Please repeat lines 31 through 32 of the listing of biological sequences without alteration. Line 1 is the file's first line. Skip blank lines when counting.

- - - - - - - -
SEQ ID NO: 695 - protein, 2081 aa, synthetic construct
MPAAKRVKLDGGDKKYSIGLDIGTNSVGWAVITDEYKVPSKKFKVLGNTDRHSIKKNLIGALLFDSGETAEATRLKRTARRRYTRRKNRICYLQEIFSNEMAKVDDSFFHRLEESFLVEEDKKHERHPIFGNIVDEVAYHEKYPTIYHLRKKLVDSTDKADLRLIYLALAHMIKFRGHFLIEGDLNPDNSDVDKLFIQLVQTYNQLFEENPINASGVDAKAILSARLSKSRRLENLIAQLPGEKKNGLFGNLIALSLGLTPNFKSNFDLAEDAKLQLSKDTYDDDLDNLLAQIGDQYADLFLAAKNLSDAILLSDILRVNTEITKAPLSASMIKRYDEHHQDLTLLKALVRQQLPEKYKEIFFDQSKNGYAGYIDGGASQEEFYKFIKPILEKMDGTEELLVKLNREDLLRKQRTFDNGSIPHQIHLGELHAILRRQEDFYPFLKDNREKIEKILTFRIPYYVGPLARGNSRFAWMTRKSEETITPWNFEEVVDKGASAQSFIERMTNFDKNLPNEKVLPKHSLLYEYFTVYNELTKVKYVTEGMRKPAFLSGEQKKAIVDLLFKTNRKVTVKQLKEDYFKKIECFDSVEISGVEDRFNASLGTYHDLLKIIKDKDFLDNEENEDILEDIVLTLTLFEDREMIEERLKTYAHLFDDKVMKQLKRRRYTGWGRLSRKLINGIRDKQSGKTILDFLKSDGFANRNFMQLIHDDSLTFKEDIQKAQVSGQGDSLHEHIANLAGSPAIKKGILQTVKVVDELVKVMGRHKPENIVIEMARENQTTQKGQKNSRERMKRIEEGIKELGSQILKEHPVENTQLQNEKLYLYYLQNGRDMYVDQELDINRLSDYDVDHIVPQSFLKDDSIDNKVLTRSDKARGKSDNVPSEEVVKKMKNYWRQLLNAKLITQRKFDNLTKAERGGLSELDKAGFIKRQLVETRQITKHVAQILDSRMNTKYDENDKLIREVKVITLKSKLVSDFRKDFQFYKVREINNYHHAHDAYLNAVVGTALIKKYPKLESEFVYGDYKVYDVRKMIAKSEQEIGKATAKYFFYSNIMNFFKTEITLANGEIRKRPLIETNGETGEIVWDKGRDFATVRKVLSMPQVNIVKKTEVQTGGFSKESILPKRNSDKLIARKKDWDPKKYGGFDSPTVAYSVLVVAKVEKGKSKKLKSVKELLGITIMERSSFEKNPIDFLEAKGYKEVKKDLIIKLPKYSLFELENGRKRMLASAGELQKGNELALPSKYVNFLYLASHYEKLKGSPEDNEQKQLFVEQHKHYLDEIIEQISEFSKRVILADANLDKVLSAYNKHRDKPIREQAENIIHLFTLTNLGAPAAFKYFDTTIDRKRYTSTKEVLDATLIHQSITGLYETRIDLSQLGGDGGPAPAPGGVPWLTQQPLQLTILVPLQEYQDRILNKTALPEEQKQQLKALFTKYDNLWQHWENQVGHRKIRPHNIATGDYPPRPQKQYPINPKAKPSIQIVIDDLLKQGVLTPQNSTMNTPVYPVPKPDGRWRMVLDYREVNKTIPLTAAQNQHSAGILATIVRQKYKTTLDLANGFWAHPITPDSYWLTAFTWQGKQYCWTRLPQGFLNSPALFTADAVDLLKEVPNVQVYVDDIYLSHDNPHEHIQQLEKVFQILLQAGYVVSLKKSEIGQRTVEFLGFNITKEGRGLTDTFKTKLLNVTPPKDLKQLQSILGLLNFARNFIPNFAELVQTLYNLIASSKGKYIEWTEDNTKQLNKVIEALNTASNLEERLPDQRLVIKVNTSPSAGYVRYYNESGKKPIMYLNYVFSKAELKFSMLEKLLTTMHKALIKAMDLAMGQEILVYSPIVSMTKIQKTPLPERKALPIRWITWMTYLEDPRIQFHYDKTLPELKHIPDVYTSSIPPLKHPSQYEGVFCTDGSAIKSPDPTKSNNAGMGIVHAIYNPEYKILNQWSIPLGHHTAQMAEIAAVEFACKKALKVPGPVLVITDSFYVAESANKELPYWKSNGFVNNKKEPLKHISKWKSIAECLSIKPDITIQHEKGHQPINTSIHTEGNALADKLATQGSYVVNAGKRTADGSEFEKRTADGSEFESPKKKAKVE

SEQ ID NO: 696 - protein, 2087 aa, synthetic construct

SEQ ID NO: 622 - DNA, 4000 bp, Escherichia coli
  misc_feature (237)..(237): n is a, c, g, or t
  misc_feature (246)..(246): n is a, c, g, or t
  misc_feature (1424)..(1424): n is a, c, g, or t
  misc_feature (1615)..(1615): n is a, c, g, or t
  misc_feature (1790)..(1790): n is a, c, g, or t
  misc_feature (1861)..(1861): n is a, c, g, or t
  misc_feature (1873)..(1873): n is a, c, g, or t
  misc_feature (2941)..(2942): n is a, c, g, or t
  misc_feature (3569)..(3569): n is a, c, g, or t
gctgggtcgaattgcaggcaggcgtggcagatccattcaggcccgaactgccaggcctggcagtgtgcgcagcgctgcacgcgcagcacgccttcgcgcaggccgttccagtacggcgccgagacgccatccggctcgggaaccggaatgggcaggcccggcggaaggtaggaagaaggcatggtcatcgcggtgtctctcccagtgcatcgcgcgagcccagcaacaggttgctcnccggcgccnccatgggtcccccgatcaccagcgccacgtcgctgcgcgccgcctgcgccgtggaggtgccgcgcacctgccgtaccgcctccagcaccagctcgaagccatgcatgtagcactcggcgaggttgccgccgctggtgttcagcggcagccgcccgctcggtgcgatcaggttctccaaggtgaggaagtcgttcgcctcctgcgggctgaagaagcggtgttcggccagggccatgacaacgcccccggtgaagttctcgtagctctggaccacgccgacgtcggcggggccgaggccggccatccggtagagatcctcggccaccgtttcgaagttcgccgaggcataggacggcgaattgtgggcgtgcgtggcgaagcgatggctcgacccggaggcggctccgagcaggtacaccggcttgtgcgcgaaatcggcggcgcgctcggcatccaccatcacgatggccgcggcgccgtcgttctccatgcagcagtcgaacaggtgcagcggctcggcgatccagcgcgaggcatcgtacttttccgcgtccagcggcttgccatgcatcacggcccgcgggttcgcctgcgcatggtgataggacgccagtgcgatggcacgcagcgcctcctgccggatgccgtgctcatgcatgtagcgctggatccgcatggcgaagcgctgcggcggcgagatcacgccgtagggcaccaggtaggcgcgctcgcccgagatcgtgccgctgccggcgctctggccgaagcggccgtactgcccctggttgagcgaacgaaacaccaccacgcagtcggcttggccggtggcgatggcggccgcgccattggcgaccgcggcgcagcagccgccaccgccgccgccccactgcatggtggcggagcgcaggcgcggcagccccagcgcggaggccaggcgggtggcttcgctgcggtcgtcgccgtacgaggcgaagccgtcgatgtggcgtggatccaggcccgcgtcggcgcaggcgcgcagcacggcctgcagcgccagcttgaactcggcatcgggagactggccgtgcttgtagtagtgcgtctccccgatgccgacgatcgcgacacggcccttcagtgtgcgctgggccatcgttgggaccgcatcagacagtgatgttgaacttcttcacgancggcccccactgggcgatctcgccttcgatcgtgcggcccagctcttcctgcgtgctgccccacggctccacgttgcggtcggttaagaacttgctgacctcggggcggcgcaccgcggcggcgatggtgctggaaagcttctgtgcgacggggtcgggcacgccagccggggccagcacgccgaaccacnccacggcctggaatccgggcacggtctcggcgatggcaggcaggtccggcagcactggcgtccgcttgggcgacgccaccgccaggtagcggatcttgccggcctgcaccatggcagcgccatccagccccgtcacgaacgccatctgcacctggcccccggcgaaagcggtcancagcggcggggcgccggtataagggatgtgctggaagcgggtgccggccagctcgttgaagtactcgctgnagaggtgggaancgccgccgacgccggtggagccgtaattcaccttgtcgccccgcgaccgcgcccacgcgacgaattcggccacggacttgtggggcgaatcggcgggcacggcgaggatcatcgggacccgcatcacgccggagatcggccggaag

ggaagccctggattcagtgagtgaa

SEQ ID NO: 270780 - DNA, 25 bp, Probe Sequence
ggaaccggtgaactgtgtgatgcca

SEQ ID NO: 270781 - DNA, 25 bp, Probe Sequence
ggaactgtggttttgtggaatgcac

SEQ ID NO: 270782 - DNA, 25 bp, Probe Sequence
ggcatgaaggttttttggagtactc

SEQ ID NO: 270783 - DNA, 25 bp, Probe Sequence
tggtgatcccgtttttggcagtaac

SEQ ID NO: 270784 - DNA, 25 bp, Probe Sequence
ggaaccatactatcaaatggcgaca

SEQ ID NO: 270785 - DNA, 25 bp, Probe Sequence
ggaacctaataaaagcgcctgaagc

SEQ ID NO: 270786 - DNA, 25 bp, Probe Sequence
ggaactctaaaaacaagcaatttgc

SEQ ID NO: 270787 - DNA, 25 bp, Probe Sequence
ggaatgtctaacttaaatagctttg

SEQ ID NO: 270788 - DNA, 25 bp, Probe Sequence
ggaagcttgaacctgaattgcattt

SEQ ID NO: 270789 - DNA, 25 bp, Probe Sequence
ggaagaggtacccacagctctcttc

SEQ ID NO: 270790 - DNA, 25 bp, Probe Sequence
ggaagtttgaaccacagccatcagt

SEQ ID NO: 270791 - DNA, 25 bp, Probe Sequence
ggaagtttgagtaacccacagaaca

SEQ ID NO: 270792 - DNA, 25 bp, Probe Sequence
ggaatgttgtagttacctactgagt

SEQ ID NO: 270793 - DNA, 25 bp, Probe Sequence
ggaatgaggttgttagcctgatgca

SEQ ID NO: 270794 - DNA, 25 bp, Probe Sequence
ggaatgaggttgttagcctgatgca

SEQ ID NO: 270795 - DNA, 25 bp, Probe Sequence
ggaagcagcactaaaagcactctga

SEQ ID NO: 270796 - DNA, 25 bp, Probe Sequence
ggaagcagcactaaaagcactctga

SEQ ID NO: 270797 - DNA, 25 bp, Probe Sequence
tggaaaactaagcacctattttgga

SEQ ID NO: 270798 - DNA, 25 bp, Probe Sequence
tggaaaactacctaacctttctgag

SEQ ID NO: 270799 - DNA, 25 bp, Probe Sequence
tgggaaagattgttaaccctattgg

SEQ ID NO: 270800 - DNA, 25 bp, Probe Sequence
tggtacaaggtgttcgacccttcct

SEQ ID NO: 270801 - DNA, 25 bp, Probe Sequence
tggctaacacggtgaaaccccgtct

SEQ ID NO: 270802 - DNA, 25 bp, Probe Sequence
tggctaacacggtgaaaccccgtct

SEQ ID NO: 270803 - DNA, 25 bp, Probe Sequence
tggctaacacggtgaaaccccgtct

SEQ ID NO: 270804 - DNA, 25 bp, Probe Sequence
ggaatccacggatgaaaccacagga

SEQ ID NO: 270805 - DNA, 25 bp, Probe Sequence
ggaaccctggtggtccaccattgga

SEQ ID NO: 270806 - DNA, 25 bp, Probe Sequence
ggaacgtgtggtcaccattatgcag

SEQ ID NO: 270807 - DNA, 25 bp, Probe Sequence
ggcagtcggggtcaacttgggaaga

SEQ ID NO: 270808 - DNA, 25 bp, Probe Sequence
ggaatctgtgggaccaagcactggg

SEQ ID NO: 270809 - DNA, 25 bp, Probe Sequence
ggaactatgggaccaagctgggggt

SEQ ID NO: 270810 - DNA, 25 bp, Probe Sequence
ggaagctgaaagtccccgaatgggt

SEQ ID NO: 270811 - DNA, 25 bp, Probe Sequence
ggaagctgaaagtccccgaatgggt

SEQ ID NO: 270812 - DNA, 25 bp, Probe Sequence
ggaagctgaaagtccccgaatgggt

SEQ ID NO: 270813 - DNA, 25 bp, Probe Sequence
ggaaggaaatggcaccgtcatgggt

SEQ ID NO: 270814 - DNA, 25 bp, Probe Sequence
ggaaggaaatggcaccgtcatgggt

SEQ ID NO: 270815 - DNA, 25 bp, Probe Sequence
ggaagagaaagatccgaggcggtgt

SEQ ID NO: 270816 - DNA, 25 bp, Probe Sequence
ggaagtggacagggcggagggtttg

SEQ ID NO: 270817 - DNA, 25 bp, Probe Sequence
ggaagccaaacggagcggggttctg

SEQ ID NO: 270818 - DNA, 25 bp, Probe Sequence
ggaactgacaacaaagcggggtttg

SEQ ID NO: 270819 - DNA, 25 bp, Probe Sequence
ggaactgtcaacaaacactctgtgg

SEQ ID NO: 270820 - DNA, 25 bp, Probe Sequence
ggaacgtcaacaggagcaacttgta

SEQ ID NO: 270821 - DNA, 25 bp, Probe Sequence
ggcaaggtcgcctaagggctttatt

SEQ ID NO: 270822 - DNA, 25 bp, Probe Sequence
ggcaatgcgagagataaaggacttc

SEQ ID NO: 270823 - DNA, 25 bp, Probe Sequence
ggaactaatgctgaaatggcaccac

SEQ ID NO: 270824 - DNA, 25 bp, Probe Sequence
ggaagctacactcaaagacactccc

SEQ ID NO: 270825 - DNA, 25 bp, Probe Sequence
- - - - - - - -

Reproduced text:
ggaatgtctaacttaaatagctttg

SEQ ID NO: 270788 - DNA, 25 bp, Probe Sequence